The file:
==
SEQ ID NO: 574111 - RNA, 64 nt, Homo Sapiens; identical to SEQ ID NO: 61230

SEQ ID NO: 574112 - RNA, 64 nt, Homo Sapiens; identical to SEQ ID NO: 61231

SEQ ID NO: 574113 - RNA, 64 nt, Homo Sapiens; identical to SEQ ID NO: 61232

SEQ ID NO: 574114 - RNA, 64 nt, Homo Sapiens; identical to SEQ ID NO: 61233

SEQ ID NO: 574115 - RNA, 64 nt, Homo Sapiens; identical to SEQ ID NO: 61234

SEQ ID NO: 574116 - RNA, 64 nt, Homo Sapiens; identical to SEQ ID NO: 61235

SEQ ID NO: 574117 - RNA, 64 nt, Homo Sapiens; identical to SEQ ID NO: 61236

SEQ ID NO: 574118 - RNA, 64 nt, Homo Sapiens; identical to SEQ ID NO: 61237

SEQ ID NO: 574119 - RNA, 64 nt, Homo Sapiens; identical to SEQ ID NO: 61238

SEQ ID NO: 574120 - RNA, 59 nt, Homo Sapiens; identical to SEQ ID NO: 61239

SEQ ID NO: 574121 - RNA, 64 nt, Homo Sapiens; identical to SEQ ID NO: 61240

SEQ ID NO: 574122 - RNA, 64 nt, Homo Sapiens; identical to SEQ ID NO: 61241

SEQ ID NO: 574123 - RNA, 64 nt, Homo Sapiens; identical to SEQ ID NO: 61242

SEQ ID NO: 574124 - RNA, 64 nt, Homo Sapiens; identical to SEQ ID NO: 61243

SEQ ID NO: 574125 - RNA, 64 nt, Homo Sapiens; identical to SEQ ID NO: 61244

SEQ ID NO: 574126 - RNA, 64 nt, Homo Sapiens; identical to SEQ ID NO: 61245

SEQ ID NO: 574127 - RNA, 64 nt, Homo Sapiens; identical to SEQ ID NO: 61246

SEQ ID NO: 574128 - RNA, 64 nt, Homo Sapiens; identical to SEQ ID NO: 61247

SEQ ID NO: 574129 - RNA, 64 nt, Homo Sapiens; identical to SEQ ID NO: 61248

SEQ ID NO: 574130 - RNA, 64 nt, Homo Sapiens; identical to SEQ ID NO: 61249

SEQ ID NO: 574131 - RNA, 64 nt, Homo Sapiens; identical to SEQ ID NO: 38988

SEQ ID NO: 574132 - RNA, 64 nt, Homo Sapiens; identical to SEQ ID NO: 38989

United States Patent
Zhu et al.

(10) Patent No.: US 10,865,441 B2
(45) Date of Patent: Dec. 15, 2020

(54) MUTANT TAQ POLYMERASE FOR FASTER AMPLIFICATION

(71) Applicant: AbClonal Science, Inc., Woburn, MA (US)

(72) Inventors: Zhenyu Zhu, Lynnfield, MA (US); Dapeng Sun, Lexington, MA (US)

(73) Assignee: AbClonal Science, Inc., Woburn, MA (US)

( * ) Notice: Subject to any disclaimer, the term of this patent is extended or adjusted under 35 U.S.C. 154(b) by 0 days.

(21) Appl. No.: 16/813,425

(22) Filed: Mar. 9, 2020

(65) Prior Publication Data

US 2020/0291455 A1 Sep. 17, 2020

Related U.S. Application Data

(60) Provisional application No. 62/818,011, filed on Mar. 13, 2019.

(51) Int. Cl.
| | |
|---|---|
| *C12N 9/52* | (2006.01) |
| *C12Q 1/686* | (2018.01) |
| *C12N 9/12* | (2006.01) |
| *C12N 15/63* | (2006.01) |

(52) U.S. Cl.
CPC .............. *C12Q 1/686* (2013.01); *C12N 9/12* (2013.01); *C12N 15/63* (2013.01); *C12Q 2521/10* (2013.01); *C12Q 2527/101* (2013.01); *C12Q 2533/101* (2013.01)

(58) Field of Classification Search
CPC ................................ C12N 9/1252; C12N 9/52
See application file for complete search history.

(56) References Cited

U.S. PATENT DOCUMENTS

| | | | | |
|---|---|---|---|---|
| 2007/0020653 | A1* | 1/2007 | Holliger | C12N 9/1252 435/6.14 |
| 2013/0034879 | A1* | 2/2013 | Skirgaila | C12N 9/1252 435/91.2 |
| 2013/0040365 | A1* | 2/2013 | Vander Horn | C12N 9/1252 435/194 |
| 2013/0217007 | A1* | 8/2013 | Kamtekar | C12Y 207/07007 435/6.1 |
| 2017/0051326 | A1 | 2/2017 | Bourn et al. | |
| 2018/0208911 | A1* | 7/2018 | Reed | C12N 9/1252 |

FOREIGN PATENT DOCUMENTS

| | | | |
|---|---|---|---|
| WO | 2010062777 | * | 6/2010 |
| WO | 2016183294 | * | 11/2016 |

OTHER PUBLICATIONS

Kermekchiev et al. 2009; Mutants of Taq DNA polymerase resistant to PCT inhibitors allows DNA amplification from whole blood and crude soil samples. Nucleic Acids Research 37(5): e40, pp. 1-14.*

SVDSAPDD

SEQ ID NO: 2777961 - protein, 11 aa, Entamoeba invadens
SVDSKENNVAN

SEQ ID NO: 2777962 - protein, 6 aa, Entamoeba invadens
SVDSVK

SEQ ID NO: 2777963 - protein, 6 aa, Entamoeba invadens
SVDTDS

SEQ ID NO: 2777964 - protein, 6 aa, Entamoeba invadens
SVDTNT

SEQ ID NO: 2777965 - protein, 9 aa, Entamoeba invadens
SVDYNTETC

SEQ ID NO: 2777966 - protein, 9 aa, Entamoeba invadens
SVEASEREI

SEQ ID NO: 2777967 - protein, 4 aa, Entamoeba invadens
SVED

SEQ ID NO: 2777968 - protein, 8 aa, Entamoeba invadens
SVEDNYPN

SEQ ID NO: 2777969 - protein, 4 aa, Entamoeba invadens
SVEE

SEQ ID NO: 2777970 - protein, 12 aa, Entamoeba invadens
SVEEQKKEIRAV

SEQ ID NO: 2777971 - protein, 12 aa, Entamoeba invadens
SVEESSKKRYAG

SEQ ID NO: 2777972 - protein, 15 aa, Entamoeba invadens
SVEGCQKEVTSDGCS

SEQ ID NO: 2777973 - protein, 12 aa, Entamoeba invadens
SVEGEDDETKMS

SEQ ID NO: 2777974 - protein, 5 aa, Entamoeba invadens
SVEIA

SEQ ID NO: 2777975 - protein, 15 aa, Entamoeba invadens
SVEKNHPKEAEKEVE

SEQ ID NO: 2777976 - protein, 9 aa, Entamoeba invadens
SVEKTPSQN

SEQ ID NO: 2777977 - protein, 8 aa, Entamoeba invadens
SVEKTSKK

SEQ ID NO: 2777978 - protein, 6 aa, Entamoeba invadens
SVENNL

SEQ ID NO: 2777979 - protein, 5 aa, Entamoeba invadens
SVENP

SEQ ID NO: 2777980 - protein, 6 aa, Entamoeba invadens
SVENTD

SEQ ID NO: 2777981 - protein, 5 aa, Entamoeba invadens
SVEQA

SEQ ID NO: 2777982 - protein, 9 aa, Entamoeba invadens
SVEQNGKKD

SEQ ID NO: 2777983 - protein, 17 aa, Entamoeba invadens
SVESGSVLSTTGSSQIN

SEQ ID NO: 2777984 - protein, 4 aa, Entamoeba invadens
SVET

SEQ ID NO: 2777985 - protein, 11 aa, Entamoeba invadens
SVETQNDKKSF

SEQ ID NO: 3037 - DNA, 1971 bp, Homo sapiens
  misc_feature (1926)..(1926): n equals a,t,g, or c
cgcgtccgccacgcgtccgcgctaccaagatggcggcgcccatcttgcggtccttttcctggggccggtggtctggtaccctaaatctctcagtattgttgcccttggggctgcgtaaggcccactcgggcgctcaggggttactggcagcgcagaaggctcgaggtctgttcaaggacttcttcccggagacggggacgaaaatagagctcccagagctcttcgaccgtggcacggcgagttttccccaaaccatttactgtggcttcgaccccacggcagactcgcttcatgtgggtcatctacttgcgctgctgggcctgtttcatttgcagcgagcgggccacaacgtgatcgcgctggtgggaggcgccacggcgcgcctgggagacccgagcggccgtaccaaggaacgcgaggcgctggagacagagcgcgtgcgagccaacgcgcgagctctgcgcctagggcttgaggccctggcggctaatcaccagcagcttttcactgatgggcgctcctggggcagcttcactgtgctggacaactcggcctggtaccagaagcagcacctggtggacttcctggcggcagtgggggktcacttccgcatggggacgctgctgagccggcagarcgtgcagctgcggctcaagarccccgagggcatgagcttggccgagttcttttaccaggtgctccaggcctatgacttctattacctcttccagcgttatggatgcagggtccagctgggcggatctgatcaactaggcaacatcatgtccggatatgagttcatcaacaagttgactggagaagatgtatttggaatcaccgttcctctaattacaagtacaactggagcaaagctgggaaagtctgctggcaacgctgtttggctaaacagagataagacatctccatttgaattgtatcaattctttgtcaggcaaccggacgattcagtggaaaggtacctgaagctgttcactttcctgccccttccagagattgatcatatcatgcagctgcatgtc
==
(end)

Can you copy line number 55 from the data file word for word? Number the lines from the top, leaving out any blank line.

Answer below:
| 2013/0034879 | A1* | 2/2013 | Skirgaila | C12N 9/1252 435/91.2 |